Well, that mess is alive and well in many teams that I have coached and observed. The most common form of this mess is what I call the “dog-cat-bird.” In this “model,” everyone answers the phone. Everyone does client service. Everyone sets their own appointments. In short, most everyone does everything, hence the term dog-cat-bird.
There’s another variation. For instance, I might ask someone: “What is your job?” He or she might answer: “I am the client relationship manager.”
I might then ask: “Tell me a little bit about what you do.”
The answer could well be: “I answer the phone, I take client service requests, I plan events, I update the computer, and as needed, run errands.”
Whoops. There’s our dog-cat-bird again. This person has a title but is not performing those duties.
So let’s really define and enforce some roles.
I normally start with service. The reason for starting here is very simple. Service consumes the most of an advisor’s time. So let’s get that delegated so we have more time to meet with and talk to more and better clients and prospects.
This particular team has four support staff. I asked a lot of questions to determine how many people they thought it would take to do all of the service. Theirs is a very low maintenance business. They are 99% fee-based. They don’t get a lot of phone calls.
After more discussion with the principals, we agreed that one particular assistant would become the “Client Service Manager.” She was good at it and enjoyed it.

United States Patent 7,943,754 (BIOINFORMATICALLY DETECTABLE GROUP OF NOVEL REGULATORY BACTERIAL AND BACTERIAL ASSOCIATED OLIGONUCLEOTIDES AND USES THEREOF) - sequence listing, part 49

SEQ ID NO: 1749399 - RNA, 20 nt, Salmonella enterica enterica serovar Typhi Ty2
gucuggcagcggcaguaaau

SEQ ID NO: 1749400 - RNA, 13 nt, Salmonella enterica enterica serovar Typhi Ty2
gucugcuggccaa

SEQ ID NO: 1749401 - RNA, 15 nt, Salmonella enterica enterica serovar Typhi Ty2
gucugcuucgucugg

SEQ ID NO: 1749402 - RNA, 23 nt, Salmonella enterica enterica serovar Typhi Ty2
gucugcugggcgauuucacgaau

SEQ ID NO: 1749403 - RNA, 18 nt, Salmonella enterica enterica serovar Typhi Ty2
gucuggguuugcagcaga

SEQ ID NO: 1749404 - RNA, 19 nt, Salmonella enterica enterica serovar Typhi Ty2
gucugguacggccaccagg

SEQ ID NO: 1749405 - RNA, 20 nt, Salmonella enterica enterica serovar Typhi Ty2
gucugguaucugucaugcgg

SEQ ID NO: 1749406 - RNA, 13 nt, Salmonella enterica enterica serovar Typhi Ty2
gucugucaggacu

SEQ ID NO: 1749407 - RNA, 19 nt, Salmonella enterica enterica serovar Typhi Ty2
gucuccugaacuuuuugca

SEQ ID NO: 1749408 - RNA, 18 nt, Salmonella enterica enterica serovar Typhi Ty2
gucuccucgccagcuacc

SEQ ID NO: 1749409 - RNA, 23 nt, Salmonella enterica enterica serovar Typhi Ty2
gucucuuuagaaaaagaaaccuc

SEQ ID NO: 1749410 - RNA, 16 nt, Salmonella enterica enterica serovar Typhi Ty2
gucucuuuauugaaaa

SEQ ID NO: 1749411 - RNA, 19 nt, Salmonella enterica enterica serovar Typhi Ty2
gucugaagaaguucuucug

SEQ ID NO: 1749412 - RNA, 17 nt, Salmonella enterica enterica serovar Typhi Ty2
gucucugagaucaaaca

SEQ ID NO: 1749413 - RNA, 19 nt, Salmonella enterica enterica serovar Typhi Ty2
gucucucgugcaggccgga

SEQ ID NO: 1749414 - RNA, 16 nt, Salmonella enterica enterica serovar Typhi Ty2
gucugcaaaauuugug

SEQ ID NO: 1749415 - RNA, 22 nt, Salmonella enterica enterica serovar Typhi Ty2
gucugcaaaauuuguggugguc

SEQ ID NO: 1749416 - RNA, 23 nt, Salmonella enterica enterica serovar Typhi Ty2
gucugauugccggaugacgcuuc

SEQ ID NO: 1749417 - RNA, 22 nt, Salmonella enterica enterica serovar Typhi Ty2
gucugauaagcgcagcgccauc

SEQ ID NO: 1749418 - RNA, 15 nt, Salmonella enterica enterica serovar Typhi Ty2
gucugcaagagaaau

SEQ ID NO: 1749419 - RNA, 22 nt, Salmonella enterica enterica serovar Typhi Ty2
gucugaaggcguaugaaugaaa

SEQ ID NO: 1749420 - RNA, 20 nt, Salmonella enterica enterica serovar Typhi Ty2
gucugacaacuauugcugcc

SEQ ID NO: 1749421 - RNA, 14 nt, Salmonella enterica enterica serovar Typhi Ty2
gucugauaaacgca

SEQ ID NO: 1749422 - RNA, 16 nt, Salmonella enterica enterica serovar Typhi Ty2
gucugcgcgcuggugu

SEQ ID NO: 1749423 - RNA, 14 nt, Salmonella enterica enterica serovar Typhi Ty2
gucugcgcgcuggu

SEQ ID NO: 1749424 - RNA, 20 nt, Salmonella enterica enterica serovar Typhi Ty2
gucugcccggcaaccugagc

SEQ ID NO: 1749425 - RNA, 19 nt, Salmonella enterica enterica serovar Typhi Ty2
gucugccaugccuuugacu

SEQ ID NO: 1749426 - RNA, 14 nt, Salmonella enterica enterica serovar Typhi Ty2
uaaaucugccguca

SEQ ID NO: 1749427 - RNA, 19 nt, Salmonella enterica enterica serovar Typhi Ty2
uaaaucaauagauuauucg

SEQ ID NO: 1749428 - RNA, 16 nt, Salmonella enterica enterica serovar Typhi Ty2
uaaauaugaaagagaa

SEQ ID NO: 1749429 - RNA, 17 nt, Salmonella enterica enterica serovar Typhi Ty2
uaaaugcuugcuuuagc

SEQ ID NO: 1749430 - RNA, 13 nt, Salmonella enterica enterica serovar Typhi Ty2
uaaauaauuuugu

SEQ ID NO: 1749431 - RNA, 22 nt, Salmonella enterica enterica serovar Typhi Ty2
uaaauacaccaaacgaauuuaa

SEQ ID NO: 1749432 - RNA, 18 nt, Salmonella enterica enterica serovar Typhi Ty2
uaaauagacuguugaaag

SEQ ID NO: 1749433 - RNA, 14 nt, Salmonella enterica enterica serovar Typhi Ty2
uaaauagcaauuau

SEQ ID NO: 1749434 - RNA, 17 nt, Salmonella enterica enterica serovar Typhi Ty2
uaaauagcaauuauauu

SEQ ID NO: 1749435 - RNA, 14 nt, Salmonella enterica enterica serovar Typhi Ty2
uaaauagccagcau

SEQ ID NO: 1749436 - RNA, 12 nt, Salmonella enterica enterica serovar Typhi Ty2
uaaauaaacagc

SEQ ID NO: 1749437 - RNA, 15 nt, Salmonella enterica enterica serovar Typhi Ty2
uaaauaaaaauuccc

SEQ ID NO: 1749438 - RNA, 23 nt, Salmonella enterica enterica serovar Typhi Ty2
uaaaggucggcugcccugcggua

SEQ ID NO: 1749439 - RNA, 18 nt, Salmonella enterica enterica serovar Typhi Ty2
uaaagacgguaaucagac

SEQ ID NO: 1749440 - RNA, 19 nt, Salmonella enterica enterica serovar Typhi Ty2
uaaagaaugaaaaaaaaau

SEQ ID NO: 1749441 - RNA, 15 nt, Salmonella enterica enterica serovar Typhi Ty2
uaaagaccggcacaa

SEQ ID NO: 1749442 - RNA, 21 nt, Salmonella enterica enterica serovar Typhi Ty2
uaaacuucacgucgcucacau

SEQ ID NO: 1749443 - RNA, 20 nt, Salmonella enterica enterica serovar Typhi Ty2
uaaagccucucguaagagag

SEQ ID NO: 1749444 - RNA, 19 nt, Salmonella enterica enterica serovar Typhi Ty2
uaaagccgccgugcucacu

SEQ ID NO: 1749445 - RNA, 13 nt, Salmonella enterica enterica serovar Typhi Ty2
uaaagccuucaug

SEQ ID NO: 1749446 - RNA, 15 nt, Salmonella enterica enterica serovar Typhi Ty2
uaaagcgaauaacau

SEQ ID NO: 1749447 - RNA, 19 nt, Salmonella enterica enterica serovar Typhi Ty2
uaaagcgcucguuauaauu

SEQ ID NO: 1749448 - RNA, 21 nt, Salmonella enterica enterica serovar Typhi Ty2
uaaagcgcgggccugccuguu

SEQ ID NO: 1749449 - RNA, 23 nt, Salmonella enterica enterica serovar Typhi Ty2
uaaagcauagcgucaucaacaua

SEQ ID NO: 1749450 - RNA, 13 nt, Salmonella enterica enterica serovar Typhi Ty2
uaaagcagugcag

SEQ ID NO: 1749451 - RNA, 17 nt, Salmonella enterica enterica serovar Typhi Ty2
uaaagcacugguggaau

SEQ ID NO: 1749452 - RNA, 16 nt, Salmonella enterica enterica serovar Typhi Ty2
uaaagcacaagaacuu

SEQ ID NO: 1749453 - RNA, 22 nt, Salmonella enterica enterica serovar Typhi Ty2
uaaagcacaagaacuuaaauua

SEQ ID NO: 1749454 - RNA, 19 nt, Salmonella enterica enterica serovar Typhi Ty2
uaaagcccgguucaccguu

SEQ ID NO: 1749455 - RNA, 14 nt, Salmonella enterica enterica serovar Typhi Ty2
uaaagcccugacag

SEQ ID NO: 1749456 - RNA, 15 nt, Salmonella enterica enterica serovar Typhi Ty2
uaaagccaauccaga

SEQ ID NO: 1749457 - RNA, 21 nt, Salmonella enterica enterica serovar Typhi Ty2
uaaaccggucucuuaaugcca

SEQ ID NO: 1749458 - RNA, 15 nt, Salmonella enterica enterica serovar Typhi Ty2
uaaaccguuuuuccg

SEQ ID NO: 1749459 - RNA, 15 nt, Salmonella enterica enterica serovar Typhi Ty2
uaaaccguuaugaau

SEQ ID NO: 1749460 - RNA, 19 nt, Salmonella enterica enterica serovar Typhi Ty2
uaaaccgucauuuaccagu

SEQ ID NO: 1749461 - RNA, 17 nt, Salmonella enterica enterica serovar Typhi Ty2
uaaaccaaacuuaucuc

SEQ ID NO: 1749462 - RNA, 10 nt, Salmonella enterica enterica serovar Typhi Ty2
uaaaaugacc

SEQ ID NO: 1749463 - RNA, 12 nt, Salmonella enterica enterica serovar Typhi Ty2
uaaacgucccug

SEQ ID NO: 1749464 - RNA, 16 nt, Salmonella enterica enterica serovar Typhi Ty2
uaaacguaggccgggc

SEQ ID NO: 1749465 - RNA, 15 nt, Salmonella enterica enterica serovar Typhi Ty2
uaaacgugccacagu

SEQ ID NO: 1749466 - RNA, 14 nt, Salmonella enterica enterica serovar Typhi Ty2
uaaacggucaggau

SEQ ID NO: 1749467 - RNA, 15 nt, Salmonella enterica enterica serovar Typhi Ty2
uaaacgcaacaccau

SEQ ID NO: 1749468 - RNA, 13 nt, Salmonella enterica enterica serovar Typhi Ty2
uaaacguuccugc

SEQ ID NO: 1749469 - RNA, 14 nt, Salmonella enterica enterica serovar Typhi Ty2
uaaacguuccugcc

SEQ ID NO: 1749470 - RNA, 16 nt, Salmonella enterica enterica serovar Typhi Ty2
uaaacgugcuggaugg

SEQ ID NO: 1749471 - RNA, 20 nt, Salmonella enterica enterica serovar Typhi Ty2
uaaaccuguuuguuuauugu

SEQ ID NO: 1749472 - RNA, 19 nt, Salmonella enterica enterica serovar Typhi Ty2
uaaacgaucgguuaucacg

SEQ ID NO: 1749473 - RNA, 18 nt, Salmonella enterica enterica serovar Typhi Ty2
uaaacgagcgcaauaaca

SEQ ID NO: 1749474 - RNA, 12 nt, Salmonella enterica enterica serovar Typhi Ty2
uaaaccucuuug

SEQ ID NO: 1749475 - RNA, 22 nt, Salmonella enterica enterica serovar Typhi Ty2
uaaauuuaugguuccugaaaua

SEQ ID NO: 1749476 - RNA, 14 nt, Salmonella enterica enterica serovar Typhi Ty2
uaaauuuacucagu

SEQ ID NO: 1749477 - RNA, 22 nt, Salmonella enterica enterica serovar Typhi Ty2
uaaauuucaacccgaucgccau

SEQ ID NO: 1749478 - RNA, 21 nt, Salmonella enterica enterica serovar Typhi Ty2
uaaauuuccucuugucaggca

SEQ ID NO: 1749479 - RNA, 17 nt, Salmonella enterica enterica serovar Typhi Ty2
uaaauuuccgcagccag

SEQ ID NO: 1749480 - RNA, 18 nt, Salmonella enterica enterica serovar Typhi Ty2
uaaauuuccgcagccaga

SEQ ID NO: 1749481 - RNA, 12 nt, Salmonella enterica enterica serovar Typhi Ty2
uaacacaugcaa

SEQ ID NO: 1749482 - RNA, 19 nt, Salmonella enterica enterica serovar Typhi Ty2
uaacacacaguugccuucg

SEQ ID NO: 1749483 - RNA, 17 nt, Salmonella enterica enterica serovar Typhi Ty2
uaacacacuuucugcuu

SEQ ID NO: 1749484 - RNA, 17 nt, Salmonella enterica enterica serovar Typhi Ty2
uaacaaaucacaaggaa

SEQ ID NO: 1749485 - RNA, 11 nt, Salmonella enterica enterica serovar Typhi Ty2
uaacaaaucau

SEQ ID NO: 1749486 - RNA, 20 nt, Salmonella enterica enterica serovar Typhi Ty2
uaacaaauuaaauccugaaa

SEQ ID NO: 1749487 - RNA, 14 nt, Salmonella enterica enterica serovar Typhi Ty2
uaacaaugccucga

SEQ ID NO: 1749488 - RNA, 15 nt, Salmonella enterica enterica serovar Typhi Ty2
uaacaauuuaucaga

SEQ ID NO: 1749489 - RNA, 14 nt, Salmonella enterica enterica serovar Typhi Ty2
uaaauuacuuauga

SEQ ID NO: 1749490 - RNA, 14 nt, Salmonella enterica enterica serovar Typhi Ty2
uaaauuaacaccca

But for this to work, several other things have to go into play. Everyone on the team needs to send service issues to the service manager.
The service department must be branded as the “go to” place for service.
For this to occur, two things need to happen simultaneously: The FA quits answering the phone. A designated person answers and screens all incoming calls, putting through investment calls to the FA, and passing service issues to the service manager.
Clients learn over time that you have a service department. They will start going there.
To answer the phone, and do some other duties as well, we picked someone for the position of “Client Service Receptionist.”
In a multi-million-dollar team, normally one person should be designated the service receptionist. This person performs light service duties. He or she is the sole person to answer the phone except when on break and at lunch. Plus, this person may also perform computer operations. This may sound a bit like a dog-cat-bird, but these three functions normally perform well together.
Now we have two people left. To make a long story short, we took one of them who was less detail-oriented, and more of a “people person,” and we made her the “Client Relationship Manager.”
Her job became: manage client relationships, referrals, social and business connections and strategic partnerships. Her objectives: find new assets; find referral opportunities for strategic partners; book appointments with the advisors.
Our fourth person continues doing what she was doing: preparing for all client reviews. This is a classic para-planner role.
Did We Get It Right?
The answer to the question is: I don’t know. But I know how to find out.
I told the principals: Meet with each one of the support staff. Get buy-in from each one. Have a team meeting. Outlook everyone’s new duties. Run it. In a month or two, we will find out if it’s working, or if we underestimated the number of staff we need to support $3 million.
As usual, I have more to say than space to say it. I have a website for team resources. You will find it at www.billgood.com/surefire. I have posted a “Service Receptionist Job Description” and “How to Brand Your Service Department” there.